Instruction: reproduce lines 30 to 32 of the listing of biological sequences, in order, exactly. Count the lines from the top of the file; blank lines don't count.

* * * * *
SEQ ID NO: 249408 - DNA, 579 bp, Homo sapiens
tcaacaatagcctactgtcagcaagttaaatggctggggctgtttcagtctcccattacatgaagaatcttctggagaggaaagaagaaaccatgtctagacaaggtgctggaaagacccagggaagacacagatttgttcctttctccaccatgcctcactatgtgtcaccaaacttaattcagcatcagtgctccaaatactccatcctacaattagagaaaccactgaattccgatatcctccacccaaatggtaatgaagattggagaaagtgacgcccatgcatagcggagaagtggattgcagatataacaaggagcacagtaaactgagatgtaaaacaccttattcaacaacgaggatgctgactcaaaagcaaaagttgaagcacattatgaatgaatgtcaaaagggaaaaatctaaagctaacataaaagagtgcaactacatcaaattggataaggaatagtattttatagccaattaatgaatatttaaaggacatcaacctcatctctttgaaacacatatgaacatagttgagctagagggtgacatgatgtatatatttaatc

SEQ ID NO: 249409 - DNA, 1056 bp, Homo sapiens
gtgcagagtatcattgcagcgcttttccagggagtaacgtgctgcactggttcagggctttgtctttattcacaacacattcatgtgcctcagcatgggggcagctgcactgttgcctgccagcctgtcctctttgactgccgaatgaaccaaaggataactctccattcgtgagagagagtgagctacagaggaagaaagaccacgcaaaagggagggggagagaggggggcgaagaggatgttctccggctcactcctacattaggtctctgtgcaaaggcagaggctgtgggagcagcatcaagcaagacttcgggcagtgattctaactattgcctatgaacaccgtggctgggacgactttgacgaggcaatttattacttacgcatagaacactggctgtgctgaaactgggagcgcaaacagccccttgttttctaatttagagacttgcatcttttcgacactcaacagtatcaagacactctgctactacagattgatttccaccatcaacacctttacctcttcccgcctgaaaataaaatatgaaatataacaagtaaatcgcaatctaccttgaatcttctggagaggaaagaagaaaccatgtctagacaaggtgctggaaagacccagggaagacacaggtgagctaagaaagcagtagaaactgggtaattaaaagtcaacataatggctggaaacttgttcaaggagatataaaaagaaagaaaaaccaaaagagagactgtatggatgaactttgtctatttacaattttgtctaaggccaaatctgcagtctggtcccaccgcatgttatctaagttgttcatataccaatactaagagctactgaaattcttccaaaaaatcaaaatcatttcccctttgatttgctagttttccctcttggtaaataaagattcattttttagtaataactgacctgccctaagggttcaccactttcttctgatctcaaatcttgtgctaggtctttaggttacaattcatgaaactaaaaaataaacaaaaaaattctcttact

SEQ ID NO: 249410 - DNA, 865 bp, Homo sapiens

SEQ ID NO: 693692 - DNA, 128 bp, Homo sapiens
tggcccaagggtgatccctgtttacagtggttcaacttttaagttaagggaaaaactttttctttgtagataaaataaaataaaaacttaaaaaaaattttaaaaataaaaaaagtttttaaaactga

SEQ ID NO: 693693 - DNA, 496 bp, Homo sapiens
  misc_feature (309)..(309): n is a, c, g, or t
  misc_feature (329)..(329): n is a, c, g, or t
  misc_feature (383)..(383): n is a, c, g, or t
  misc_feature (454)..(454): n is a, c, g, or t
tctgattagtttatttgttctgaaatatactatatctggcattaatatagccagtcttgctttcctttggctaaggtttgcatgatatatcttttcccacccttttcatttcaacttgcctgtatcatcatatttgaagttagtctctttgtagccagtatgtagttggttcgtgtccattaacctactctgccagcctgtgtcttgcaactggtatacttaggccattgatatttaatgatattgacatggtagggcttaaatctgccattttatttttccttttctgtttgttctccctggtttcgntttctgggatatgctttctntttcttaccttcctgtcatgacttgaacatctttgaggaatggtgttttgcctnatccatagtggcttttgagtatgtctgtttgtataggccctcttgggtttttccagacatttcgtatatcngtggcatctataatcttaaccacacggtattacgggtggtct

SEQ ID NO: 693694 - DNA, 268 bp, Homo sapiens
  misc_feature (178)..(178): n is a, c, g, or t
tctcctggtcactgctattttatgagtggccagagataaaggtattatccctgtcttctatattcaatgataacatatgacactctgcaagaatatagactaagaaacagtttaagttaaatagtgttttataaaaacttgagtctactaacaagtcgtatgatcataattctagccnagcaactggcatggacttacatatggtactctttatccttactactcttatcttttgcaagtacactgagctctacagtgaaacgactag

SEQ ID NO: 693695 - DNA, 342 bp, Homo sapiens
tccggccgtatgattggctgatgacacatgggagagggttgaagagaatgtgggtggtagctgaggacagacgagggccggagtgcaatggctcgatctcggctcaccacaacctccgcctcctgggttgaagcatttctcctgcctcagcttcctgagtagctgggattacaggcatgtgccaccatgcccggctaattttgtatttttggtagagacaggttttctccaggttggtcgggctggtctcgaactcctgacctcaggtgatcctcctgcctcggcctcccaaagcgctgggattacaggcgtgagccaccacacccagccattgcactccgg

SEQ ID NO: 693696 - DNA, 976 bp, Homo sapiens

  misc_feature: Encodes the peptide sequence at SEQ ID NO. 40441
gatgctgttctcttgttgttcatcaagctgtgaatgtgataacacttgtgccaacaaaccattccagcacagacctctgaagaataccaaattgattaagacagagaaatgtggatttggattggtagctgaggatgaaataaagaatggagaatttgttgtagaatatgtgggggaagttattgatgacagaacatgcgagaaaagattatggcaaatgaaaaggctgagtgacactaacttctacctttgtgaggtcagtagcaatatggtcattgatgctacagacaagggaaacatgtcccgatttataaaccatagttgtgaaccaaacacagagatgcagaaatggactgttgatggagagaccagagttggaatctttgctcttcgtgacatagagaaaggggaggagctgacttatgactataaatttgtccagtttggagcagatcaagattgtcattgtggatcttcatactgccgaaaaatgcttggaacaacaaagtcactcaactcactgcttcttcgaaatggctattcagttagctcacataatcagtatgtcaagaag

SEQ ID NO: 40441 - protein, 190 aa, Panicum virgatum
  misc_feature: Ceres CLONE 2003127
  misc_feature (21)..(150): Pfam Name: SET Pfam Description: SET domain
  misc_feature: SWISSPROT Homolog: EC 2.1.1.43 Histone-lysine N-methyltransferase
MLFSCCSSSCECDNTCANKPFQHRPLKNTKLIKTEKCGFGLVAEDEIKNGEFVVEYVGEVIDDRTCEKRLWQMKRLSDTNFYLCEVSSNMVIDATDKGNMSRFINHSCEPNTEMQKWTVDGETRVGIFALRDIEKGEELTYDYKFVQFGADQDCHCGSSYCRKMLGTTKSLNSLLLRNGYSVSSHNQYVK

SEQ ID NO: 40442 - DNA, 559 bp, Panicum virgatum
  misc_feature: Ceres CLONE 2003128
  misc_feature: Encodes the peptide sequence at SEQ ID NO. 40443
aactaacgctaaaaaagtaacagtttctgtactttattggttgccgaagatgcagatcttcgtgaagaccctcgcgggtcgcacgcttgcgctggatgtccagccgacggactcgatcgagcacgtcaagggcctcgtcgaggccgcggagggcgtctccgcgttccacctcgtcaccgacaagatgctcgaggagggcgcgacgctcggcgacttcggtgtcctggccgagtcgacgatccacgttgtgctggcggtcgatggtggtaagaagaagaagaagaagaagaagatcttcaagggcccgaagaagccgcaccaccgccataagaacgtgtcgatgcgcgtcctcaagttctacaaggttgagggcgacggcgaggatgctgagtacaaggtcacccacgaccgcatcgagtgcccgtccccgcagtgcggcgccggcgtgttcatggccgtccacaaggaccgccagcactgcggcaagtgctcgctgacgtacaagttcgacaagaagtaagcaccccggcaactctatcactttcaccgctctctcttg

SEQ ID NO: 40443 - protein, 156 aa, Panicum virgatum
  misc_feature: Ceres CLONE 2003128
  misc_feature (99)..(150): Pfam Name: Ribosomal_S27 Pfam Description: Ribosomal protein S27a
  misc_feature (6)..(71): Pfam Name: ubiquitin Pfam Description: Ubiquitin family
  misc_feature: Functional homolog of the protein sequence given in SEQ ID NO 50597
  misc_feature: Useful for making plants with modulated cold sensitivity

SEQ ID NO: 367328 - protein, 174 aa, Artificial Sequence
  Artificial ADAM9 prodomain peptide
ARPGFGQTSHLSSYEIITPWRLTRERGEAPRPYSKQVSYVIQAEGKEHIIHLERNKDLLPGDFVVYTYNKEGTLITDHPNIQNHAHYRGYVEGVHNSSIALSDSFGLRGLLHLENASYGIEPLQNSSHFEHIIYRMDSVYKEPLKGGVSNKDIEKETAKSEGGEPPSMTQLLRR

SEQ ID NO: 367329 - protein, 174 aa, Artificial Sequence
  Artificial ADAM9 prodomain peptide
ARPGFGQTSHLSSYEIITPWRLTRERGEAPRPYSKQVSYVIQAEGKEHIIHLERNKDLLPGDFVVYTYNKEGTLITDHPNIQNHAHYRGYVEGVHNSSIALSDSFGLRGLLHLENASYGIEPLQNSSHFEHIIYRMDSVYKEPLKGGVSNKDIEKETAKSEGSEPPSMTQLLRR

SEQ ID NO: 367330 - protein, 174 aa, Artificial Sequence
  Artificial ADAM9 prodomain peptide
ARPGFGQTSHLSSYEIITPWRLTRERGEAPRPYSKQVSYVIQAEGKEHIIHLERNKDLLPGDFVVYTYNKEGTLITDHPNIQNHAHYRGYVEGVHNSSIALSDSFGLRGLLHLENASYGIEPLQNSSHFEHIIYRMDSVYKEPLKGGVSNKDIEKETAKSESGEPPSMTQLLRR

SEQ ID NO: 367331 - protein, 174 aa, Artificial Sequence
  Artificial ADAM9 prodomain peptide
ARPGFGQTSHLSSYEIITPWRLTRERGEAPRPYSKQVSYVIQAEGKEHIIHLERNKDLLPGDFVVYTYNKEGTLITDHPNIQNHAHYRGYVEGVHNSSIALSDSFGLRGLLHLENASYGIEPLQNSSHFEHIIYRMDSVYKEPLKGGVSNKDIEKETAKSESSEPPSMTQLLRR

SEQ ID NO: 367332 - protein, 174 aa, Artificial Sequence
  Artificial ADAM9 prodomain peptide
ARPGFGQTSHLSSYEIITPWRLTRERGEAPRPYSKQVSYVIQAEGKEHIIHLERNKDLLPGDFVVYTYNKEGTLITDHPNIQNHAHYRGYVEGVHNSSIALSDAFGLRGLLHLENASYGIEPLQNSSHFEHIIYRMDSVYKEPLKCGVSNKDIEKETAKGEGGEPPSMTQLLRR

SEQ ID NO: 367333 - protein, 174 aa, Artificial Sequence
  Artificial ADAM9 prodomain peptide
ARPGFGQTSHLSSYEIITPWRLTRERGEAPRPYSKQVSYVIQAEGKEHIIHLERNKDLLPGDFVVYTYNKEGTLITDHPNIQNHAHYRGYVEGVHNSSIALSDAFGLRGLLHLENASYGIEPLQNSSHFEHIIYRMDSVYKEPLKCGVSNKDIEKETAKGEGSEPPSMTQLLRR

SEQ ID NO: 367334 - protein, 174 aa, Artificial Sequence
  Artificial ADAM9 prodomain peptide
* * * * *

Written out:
aactaacgctaaaaaagtaacagtttctgtactttattggttgccgaagatgcagatcttcgtgaagaccctcgcgggtcgcacgcttgcgctggatgtccagccgacggactcgatcgagcacgtcaagggcctcgtcgaggccgcggagggcgtctccgcgttccacctcgtcaccgacaagatgctcgaggagggcgcgacgctcggcgacttcggtgtcctggccgagtcgacgatccacgttgtgctggcggtcgatggtggtaagaagaagaagaagaagaagaagatcttcaagggcccgaagaagccgcaccaccgccataagaacgtgtcgatgcgcgtcctcaagttctacaaggttgagggcgacggcgaggatgctgagtacaaggtcacccacgaccgcatcgagtgcccgtccccgcagtgcggcgccggcgtgttcatggccgtccacaaggaccgccagcactgcggcaagtgctcgctgacgtacaagttcgacaagaagtaagcaccccggcaactctatcactttcaccgctctctcttg

SEQ ID NO: 40443 - protein, 156 aa, Panicum virgatum
  misc_feature: Ceres CLONE 2003128